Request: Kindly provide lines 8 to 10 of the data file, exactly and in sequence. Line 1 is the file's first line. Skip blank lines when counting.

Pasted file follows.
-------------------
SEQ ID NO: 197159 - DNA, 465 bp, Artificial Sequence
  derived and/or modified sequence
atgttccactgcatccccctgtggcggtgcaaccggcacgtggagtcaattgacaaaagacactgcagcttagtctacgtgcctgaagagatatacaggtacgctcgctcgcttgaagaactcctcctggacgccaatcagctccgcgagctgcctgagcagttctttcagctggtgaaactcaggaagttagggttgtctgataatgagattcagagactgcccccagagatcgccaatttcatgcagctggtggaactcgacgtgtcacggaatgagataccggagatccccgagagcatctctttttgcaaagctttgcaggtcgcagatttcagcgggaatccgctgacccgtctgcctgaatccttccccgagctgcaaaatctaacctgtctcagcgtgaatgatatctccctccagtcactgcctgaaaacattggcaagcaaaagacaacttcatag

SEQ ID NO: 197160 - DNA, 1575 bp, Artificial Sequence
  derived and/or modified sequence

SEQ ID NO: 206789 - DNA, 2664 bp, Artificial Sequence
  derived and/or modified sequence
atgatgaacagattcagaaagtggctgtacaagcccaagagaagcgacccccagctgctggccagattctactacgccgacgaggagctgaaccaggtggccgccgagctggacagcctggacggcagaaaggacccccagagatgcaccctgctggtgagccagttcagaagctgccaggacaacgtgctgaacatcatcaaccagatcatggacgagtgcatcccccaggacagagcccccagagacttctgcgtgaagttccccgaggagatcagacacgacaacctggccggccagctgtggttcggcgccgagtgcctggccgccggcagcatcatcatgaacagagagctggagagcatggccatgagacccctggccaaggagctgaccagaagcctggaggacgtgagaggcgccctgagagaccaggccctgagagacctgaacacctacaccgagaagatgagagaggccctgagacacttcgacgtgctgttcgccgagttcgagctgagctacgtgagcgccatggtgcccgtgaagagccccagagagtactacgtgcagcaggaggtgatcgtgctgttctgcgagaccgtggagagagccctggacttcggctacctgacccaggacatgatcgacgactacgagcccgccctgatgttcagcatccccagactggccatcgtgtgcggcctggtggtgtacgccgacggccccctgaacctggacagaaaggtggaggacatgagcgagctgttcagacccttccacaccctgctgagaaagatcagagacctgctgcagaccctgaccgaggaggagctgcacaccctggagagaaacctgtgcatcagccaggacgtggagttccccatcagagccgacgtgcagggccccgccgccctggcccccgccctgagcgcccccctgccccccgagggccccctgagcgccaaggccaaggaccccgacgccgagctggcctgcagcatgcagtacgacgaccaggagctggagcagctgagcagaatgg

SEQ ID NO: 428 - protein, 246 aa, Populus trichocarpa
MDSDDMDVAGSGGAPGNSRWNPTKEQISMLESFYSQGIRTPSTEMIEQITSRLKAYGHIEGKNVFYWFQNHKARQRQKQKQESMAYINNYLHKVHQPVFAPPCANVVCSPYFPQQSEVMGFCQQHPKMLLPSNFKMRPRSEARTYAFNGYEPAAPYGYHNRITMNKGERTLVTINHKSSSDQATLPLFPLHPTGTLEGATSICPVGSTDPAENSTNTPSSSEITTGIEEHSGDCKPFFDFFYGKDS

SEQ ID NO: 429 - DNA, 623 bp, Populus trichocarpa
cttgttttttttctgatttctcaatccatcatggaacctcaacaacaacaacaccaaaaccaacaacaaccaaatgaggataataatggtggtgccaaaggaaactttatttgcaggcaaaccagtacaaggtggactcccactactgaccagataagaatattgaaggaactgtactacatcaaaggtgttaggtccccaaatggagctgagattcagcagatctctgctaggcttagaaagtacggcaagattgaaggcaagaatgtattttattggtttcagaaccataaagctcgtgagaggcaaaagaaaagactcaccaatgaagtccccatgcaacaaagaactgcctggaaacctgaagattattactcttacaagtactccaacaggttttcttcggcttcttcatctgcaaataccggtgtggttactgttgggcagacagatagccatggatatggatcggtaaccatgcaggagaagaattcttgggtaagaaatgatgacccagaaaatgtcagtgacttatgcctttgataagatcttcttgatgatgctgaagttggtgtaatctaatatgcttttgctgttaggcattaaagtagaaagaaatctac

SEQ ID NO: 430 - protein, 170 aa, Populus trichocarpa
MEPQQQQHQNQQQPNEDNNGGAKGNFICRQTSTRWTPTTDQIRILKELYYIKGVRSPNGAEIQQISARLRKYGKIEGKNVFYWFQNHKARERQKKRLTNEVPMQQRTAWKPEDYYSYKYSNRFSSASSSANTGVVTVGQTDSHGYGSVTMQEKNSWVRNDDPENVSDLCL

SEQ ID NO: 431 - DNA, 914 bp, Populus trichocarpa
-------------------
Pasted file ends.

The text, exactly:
atgatgaacagattcagaaagtggctgtacaagcccaagagaagcgacccccagctgctggccagattctactacgccgacgaggagctgaaccaggtggccgccgagctggacagcctggacggcagaaaggacccccagagatgcaccctgctggtgagccagttcagaagctgccaggacaacgtgctgaacatcatcaaccagatcatggacgagtgcatcccccaggacagagcccccagagacttctgcgtgaagttccccgaggagatcagacacgacaacctggccggccagctgtggttcggcgccgagtgcctggccgccggcagcatcatcatgaacagagagctggagagcatggccatgagacccctggccaaggagctgaccagaagcctggaggacgtgagaggcgccctgagagaccaggccctgagagacctgaacacctacaccgagaagatgagagaggccctgagacacttcgacgtgctgttcgccgagttcgagctgagctacgtgagcgccatggtgcccgtgaagagccccagagagtactacgtgcagcaggaggtgatcgtgctgttctgcgagaccgtggagagagccctggacttcggctacctgacccaggacatgatcgacgactacgagcccgccctgatgttcagcatccccagactggccatcgtgtgcggcctggtggtgtacgccgacggccccctgaacctggacagaaaggtggaggacatgagcgagctgttcagacccttccacaccctgctgagaaagatcagagacctgctgcagaccctgaccgaggaggagctgcacaccctggagagaaacctgtgcatcagccaggacgtggagttccccatcagagccgacgtgcagggccccgccgccctggcccccgccctgagcgcccccctgccccccgagggccccctgagcgccaaggccaaggaccccgacgccgagctggcctgcagcatgcagtacgacgaccaggagctggagcagctgagcagaatgg

SEQ ID NO: 428 - protein, 246 aa, Populus trichocarpa
MDSDDMDVAGSGGAPGNSRWNPTKEQISMLESFYSQGIRTPSTEMIEQITSRLKAYGHIEGKNVFYWFQNHKARQRQKQKQESMAYINNYLHKVHQPVFAPPCANVVCSPYFPQQSEVMGFCQQHPKMLLPSNFKMRPRSEARTYAFNGYEPAAPYGYHNRITMNKGERTLVTINHKSSSDQATLPLFPLHPTGTLEGATSICPVGSTDPAENSTNTPSSSEITTGIEEHSGDCKPFFDFFYGKDS